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“I thought Reading needed a higher-end consignment shop,” says Rachael Bankey, owner of Raspberry Beret, which opened its third location last October. In the about-to-boom downtown business district where it is located, lunchtime foot traffic is steadily increasing—good news for a new-to-town retailer.

Bankey has owned Raspberry Beret for 10 years. The first of her stores opened in Wakefield on the Melrose line. Before owning it, however, she was a frequent browser. “Ten years ago,” she notes, “it was kind of a new idea to have a boutique consignment shop, and it was really the only place around.” One day, she went in to find everything on sale for five dollars. The owner was going out of business. “I wasn’t in the market for it at all,” recalls Bankey, “but a friend recommended I buy it. I pulled it together, and in the first year, sales tripled.”

Ultimately, she outgrew that space and opened a second location in Cambridge. “That one is altogether different—it’s the city, so it has to be.” With three distinct locales, Bankey must be cognizant of her clienteles’ disparate tastes and choose stock accordingly. High-end lines like Coach, Burberry, Henri Bendel, Michael Kors, Juicy Couture, and Tory Burch will move in Reading, she notes, but not in Cambridge. In the city, people want labels like Anthropologie and vintage items.“Our customers are definitely more creative. They don’t necessarily want what’s trending, but [rather] what’s uniquely them.” Many are looking for a certain era or style they can’t find in malls. Bankey certainly keeps an eye on trends, but more than that, she pays attention to what people want. “A lot of it is about listening,” she says.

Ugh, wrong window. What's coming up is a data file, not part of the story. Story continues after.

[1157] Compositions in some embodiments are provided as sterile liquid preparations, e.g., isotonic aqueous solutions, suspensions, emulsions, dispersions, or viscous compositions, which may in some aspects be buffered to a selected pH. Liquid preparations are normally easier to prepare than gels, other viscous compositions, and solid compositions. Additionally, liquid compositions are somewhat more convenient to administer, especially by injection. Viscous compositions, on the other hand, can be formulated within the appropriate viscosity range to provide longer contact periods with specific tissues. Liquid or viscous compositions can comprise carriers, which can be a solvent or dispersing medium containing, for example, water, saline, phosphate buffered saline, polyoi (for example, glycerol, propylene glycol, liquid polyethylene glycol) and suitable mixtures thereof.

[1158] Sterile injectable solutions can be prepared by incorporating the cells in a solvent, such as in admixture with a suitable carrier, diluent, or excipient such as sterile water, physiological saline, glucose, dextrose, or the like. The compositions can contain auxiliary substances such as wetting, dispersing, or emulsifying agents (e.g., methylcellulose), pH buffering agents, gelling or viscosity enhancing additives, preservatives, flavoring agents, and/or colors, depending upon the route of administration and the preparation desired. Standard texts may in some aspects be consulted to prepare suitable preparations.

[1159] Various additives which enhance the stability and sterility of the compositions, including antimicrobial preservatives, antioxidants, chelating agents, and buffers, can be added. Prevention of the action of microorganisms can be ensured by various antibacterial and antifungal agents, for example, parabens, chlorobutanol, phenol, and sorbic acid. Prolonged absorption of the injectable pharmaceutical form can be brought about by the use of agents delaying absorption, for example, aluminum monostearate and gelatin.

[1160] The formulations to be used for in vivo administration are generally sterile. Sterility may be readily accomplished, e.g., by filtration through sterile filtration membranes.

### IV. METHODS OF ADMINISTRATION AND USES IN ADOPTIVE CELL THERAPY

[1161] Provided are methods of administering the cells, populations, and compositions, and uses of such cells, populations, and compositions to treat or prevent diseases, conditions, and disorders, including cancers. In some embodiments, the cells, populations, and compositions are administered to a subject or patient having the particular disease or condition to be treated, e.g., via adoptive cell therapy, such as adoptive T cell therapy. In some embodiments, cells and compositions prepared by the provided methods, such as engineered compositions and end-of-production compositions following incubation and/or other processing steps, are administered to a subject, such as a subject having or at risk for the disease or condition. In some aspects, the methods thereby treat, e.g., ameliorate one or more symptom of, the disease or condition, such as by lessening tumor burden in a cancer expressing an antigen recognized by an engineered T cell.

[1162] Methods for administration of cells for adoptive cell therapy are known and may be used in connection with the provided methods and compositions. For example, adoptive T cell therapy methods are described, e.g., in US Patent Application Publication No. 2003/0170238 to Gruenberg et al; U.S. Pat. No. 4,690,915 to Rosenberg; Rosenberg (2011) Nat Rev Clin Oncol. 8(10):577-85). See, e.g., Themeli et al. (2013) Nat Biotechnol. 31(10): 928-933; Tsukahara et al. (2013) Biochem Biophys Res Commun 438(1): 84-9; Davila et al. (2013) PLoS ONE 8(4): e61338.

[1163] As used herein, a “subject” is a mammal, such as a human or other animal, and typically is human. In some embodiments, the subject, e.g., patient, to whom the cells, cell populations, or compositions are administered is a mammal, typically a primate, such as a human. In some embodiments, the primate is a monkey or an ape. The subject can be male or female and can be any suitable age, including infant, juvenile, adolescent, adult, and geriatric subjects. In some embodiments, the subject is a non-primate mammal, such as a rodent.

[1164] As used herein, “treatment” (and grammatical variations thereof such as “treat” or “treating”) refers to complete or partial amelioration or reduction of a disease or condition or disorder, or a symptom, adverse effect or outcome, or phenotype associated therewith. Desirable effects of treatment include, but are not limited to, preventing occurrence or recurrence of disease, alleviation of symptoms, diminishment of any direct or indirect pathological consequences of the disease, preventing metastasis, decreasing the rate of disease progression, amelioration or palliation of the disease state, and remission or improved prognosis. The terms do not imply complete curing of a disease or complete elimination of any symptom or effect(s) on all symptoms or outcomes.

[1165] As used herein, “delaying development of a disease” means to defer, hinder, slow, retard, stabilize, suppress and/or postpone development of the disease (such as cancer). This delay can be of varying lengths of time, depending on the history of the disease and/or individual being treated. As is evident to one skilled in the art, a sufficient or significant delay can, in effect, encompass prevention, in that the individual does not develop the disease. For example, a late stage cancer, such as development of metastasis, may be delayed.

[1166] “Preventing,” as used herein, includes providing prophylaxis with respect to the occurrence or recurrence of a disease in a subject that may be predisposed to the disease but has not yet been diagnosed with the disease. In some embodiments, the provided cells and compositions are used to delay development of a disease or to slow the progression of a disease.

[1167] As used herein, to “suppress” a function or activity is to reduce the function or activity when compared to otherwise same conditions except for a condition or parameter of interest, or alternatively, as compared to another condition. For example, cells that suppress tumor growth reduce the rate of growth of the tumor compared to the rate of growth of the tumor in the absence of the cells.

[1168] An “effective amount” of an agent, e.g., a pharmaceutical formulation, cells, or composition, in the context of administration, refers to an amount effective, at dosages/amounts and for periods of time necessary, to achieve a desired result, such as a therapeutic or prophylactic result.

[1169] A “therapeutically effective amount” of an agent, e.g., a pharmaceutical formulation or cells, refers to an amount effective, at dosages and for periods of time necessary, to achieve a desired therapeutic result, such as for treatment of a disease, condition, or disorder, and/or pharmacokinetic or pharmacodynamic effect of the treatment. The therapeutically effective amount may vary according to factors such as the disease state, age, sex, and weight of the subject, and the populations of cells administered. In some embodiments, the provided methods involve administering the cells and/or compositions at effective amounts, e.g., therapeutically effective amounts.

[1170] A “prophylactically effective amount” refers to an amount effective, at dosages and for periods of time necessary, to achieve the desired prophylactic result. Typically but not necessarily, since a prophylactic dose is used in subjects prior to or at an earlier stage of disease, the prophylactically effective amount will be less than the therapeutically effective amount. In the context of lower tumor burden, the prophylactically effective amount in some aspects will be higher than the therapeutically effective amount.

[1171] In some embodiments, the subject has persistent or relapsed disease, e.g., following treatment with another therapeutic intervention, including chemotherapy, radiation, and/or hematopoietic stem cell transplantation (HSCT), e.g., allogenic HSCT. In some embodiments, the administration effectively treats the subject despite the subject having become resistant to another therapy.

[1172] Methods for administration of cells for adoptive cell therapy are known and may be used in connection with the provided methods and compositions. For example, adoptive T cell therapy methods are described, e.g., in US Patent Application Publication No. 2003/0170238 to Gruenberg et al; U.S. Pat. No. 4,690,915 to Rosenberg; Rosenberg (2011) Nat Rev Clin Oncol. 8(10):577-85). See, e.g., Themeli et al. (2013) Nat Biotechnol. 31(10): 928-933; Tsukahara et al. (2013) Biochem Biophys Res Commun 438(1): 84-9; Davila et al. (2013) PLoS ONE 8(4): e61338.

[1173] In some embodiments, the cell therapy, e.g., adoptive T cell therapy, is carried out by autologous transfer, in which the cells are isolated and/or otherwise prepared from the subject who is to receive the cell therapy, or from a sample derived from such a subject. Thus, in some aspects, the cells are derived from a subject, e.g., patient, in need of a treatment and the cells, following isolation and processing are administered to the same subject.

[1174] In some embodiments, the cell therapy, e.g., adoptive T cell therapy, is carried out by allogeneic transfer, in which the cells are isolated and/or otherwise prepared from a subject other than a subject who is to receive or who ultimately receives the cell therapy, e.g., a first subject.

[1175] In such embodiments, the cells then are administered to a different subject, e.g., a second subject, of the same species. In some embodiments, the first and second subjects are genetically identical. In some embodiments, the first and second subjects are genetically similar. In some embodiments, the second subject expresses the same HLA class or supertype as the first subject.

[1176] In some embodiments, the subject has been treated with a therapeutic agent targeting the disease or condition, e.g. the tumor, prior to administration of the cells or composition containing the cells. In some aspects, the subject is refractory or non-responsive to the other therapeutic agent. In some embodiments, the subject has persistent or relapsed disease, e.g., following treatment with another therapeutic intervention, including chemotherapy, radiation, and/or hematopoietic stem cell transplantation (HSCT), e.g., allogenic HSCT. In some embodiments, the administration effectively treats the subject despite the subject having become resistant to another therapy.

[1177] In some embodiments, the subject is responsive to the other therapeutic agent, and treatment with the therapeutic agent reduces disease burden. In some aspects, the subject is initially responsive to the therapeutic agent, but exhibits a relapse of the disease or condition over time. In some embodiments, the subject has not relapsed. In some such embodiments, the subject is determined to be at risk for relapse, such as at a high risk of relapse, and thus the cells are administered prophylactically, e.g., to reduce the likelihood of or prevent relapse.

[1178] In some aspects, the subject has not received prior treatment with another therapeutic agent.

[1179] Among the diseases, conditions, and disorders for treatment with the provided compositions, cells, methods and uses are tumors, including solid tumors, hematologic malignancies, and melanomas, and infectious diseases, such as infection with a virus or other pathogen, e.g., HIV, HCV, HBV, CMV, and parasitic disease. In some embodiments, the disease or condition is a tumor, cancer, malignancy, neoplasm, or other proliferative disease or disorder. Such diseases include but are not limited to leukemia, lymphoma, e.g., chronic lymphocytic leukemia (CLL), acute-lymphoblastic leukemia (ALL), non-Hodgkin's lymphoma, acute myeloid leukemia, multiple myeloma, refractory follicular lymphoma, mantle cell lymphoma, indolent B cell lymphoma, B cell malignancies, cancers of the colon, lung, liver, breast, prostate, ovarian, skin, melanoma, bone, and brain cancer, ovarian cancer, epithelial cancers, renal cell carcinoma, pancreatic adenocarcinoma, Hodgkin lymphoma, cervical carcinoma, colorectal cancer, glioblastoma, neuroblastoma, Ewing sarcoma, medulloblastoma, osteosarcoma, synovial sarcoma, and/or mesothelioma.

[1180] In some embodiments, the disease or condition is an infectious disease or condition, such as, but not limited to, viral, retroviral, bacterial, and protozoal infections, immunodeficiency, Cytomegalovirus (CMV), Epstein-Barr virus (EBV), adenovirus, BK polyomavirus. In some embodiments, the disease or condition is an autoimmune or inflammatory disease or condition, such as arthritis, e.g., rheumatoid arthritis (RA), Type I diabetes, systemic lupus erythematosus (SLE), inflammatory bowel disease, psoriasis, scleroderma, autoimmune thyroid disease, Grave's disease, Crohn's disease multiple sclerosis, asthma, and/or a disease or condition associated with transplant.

Once a magazine photographer, Bankey has a trained artistic eye. The lifelong thrift store shopper says she’s “always loved interesting clothes and dressing up.” What she didn’t know about herself is that she has a mind for business. “It’s like a game,” she says. “I love trying [different] markets.” Self-educated, Bankey follows Michael Gerber’s EMyth and references his book, Why Most Small Businesses Don’t Work and What to Do About It, in which he recommends turning small businesses into franchises. Bankey is doing just that. “It’s a system—you have a business plan, you write manuals, and that way it frees you from being locked in,” she explains. “You can work on the business instead of in the business.”

Being savvy includes finding ways to keep people coming back time and again.

“Consignment isn’t for everybody—people can get frustrated by it because it is time-consuming,” notes Bankey. “I try to make it easier and to get good inventory.” Toward that end, she offers cash buyouts on Saturday mornings, makes house calls, attends auctions, and investigates estate sales. At times, she also does open-drops, which allow people to come in without appointments. Of special note are her after-hours shopping parties during which five to seven customers have the store to themselves for two and a half hours. They are invited to bring wine and cheese, and the organizer of the group is given $75 to spend that night.

Another way in which Bankey carves a unique niche is by donating unsold items to Mass Appeal International—an organization that helps sexually abused girls. “A lot of times those girls leave home with nothing, so they are really grateful for all these clothes,” says Bankey, who received an award from the governor for her contributions.

Of her three-store franchise Bankey says: “We’re a good cause: We recycle a lot of clothes. We serve lower-income communities—they have an opportunity to look great for less. Whatever we don’t sell, we donate to a great [charity]. And I’m employing six women.” Add to that a funky mix of high-end apparel, and Raspberry Beret is a hot hit.